A fuller picture of how Covid-19 lockdowns affected museum revenue is beginning to emerge, with international museums starting to reveal just how much they lost last year. The Museo Nacional del Prado in Madrid reported on Monday that it sustained a 75.5 percent decrease in revenue in 2020, ending the financial year with a loss of 18.5 million euros ($22 million).
The lockdown provoked an unprecedented drop-off in attendance, with an 84 percent decline in ticket sales and a 90 percent decline in sales at the museum’s store and restaurants.
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The Prado was hardly the only European museum to sustain major losses in revenue in 2020. The Louvre in Paris, for example, saw a 72 percent decrease in attendance and lost $110.3 million in revenue. To mitigate losses, some have resorted to creative means. The Uffizi Galleries in Florence began minting NFTs of Renaissance artworks in its holdings to soften the blow of massive drops in attendance.
Within U.S. museums, the effects of the pandemic were equally destructive. Three quarters of American institutions saw their operating income diminish by 40 percent or more. Nearly half of respondents in a 2021 survey conducted by the American Alliance of Museums cut staff during the pandemic. On average, these museums reduced their workforce by 29 percent. Only 44 percent of respondents expected to rehire lost workers.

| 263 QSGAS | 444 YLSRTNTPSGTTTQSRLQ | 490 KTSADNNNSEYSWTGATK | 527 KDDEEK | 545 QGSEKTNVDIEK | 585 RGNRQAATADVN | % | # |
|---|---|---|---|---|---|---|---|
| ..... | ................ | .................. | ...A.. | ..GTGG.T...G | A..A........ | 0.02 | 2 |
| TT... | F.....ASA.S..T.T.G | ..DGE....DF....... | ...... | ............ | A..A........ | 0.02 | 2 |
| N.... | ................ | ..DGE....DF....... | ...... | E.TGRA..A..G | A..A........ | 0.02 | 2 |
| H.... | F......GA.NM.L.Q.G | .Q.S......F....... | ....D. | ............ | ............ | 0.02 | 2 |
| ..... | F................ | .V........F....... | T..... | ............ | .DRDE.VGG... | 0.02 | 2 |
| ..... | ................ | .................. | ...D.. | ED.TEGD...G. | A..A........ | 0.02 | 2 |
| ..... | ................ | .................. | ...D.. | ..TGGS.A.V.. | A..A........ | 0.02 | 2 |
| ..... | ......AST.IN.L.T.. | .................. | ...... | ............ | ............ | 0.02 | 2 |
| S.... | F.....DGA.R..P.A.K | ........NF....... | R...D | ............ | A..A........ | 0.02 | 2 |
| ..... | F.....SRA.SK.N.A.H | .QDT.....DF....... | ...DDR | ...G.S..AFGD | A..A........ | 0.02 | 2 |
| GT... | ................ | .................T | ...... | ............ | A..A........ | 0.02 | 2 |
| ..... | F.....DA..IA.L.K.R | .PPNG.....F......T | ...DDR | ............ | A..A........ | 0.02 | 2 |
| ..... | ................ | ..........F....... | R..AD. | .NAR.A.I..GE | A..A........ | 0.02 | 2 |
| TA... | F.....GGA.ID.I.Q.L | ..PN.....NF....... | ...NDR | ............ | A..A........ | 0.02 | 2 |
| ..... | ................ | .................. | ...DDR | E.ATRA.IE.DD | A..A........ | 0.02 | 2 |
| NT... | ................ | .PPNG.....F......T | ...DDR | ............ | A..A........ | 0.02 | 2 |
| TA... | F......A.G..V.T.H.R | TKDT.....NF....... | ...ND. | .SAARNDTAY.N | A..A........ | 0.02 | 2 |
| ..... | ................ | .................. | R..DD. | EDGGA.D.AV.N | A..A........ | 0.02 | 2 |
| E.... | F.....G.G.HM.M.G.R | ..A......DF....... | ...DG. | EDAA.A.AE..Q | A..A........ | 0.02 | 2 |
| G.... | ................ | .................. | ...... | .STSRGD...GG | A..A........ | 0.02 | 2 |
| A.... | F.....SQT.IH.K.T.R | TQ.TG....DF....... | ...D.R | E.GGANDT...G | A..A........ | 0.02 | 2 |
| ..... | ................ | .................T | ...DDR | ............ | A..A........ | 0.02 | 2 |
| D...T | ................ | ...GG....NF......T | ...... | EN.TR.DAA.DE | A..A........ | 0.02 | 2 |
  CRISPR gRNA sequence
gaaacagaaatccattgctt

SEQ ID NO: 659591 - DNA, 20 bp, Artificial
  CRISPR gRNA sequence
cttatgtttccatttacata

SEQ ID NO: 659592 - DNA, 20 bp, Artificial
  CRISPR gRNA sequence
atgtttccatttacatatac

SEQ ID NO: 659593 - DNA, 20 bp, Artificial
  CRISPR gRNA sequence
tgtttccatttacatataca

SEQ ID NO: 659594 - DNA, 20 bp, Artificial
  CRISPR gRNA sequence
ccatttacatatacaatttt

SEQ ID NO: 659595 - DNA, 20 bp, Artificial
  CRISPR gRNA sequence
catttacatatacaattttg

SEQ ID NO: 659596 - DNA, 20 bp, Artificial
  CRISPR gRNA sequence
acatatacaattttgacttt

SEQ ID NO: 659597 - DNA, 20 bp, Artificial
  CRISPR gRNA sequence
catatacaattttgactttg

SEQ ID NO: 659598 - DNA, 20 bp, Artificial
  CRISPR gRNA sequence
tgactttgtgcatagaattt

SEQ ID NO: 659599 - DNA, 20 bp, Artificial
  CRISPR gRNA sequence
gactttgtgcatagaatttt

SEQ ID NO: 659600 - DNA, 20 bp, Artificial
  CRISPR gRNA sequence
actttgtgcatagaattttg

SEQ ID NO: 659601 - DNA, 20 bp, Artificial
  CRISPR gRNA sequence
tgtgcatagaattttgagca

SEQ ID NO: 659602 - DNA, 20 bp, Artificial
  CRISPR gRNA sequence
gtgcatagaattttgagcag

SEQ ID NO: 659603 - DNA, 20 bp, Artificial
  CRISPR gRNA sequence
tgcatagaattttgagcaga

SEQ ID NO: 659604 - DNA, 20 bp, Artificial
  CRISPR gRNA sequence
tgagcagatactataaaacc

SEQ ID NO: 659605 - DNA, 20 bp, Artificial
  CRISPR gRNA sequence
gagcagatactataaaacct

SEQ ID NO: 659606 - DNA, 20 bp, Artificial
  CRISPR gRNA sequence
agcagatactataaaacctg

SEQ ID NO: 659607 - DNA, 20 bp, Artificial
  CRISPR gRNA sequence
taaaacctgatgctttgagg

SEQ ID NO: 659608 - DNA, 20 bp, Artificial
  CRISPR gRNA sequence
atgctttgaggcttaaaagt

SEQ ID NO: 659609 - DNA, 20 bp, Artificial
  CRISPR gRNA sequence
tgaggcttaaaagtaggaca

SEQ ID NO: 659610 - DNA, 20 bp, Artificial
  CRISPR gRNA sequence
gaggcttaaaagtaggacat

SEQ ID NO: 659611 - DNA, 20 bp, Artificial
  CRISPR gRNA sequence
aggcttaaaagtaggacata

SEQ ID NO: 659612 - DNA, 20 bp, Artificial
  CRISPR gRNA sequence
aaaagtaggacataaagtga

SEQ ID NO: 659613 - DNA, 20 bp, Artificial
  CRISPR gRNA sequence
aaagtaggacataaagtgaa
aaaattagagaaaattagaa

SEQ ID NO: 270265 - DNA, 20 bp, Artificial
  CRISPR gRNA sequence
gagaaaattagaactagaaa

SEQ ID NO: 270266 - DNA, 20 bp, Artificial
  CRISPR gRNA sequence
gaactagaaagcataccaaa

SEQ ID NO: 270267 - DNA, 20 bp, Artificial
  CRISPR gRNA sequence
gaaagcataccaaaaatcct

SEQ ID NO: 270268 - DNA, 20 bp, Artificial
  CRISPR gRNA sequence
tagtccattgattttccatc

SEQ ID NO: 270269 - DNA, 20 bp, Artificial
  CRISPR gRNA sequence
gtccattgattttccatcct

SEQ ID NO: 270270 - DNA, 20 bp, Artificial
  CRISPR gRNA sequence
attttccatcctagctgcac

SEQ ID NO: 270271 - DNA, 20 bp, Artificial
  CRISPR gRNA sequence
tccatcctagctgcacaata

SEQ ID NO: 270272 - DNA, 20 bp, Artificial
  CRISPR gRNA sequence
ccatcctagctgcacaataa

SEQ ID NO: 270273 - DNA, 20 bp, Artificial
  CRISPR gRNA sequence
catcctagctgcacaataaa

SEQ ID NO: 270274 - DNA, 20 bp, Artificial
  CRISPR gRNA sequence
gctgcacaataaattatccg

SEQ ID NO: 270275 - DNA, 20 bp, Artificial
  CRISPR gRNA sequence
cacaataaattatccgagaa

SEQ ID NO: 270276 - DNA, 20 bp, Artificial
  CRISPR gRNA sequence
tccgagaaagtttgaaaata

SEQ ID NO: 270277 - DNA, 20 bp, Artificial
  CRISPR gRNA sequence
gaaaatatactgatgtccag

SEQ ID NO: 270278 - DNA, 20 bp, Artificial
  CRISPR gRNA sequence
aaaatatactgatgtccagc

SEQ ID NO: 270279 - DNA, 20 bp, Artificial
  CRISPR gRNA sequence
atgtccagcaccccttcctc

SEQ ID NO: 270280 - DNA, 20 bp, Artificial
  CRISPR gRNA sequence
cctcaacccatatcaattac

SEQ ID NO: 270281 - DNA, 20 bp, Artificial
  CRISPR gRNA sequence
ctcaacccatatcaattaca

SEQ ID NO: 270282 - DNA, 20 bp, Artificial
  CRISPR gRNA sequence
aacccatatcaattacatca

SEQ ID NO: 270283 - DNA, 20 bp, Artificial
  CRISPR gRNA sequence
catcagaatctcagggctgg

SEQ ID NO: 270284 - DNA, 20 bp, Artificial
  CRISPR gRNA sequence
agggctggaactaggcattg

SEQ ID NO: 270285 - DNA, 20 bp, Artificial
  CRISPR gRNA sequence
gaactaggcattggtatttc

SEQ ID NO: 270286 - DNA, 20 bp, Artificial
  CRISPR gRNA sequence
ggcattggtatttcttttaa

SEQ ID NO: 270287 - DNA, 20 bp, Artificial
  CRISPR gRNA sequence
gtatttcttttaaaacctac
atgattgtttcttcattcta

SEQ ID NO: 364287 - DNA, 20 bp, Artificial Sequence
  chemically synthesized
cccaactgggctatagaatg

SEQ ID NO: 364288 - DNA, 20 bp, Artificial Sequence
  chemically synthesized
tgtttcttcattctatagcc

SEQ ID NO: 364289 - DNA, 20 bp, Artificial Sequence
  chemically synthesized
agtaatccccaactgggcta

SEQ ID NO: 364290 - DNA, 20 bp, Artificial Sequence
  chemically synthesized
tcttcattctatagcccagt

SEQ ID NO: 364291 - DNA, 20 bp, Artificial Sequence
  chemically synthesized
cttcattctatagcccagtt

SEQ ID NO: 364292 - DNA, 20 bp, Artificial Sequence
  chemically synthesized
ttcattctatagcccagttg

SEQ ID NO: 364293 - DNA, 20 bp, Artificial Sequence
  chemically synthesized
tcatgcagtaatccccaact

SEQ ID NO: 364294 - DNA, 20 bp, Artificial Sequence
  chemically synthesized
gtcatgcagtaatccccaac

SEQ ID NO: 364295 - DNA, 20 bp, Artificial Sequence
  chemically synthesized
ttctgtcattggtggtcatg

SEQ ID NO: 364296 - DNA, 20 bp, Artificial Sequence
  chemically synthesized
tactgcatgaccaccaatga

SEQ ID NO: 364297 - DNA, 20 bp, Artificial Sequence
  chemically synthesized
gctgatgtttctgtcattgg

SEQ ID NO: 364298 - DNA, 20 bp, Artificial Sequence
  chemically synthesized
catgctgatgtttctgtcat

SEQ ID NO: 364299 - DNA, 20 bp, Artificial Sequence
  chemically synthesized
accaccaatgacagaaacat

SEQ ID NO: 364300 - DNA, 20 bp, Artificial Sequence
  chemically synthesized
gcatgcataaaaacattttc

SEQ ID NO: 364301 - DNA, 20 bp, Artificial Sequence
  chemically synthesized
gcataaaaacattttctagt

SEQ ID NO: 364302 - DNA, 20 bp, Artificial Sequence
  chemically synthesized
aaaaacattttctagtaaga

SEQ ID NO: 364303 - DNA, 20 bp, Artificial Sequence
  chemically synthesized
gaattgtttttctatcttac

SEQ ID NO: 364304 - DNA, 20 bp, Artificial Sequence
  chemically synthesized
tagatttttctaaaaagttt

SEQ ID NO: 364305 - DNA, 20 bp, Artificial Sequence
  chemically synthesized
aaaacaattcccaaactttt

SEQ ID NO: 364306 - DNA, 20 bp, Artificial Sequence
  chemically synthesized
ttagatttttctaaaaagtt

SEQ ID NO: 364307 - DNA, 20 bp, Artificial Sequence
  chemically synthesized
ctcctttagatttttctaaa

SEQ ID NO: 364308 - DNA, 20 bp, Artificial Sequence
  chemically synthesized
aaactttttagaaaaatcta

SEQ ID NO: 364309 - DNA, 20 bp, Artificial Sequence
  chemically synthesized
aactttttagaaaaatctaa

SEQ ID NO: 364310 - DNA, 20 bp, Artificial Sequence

Slowly, institutions in the U.S. have begun to recover. According to the same AAM survey, only 15 percent of museums remain at high financial risk. When a similar survey was conducted in October, a third of museum directors believed their institutions might close permanently.
The Prado, meanwhile, can still count on government funding of 15.2 million euros ($18 million), as well as corporate and individual support amounting to 3.8 million euros (4.5 million dollars) in 2020—sums equal to amounts received in years past.
The museum also said on Monday that it had received two gifts from the American Friends of the Prado Museum: Pablo Picasso’s Buste de Femme 43 and Diego Velázquez’s Portrait of Phillip III. The former painting had previously been held by the Arango Montull family.